Now, dear reader, please do not send letters, because it goes without saying that it is not the job of this blog to provide statistical analysis to prove this fact. Not when there’s hearsay, anecdotal evidence and blind prejudice on offer.
My ‘evidence’ came the day after Allan McNish, nine-time Le Mans podiumist, announced his retirement from Audi’s racing team. The weather was lousy and the M4 eastbound was sufficiently blowy and wet that spray was hitting my windscreen from cars even on the opposite carriageway. I, like everyone around me, was having a slow, miserable journey.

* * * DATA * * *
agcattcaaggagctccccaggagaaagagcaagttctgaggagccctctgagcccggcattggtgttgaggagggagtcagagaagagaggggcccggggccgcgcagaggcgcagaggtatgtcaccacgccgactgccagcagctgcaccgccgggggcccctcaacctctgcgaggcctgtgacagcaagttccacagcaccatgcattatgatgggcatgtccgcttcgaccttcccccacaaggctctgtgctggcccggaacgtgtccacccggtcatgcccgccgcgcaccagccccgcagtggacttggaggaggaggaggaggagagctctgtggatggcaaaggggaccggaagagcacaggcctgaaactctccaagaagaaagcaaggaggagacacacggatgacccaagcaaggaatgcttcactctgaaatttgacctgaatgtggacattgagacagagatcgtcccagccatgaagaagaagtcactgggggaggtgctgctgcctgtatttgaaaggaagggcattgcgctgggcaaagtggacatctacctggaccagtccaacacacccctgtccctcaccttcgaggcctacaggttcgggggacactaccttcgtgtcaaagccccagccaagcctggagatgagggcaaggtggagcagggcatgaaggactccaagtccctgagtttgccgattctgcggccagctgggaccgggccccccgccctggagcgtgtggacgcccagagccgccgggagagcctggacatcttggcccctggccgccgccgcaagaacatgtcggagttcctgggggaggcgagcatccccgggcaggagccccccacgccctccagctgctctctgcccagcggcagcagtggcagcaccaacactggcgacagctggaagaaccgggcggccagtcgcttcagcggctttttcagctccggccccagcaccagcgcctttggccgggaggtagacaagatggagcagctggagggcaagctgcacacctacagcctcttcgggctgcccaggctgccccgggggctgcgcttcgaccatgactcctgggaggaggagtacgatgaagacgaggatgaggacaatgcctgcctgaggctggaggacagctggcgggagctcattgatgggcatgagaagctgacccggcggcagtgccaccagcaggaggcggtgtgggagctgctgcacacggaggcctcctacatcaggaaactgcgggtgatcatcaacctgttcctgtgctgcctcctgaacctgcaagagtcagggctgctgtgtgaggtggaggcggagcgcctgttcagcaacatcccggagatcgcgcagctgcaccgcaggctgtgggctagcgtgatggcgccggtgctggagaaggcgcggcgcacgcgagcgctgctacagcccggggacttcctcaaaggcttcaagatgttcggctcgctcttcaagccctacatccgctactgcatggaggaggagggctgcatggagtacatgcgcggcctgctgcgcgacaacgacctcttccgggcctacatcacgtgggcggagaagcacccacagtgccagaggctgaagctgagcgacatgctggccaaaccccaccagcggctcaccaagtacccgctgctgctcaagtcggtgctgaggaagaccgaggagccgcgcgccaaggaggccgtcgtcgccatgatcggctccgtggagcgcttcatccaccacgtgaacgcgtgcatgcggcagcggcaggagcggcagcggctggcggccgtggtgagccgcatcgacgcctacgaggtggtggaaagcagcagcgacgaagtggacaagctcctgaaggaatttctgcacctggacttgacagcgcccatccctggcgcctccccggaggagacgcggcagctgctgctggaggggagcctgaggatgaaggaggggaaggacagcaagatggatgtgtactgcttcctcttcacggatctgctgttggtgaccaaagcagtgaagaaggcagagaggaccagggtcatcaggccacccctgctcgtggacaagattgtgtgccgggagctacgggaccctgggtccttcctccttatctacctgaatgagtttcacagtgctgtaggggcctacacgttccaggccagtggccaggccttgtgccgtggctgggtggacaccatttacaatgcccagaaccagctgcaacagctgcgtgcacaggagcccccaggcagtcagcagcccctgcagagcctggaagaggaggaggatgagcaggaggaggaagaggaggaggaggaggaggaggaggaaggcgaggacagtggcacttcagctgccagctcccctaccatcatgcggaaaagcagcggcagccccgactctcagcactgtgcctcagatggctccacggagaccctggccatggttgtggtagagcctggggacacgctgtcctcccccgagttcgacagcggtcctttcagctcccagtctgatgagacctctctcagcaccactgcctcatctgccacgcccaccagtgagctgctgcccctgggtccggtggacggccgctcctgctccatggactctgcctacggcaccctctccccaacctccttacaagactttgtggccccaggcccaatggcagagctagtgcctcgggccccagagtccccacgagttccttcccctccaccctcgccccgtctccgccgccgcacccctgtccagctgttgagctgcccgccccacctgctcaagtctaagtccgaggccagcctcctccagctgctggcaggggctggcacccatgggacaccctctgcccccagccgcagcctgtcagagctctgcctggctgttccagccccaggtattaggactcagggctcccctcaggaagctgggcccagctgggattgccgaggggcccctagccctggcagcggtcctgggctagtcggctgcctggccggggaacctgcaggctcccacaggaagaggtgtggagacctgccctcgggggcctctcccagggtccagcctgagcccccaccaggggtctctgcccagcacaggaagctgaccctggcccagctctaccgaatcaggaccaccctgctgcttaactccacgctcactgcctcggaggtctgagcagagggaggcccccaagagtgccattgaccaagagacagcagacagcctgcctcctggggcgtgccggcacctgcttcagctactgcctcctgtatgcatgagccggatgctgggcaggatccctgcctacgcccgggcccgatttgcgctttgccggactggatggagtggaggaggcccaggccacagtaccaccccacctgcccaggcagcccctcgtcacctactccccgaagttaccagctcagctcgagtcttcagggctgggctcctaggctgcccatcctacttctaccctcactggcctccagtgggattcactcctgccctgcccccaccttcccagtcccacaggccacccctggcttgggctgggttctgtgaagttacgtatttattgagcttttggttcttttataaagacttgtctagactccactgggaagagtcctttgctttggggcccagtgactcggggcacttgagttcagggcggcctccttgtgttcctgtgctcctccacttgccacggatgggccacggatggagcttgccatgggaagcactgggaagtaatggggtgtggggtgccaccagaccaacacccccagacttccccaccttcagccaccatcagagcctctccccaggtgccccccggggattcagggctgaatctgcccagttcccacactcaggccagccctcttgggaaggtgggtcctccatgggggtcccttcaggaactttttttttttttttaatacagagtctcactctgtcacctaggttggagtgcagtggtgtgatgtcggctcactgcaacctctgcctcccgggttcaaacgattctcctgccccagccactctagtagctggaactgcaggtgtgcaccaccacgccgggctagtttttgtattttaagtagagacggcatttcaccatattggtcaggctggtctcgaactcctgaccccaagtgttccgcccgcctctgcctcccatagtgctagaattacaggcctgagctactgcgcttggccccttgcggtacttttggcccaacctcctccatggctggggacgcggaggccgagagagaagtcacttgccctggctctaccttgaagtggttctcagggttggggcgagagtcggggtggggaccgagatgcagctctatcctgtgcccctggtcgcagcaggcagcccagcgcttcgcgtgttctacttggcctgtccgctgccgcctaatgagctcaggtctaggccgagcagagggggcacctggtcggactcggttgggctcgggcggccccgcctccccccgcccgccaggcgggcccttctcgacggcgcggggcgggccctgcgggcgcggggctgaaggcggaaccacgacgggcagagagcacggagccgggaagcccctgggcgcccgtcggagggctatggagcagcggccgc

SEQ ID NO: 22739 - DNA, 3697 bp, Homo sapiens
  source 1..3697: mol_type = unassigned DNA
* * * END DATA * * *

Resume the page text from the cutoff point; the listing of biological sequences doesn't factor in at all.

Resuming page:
Except, that is, for a good half-dozen drivers of Audis (two genuine A6s, a real A7, an actual A4 Avant and two more I made up for good measure), who were auditioning for the vacant McNish seat and continuing at an unabated 90mph.
It wasn’t always thus, was it? There was a time when Audis were like Saabs, bought by those who wore polo-necks and/or jackets with elbow patches to work, who slowed for inclement weather and didn’t feel obliged to fill any gap left in the outside lane larger than the length of their car plus two fag papers.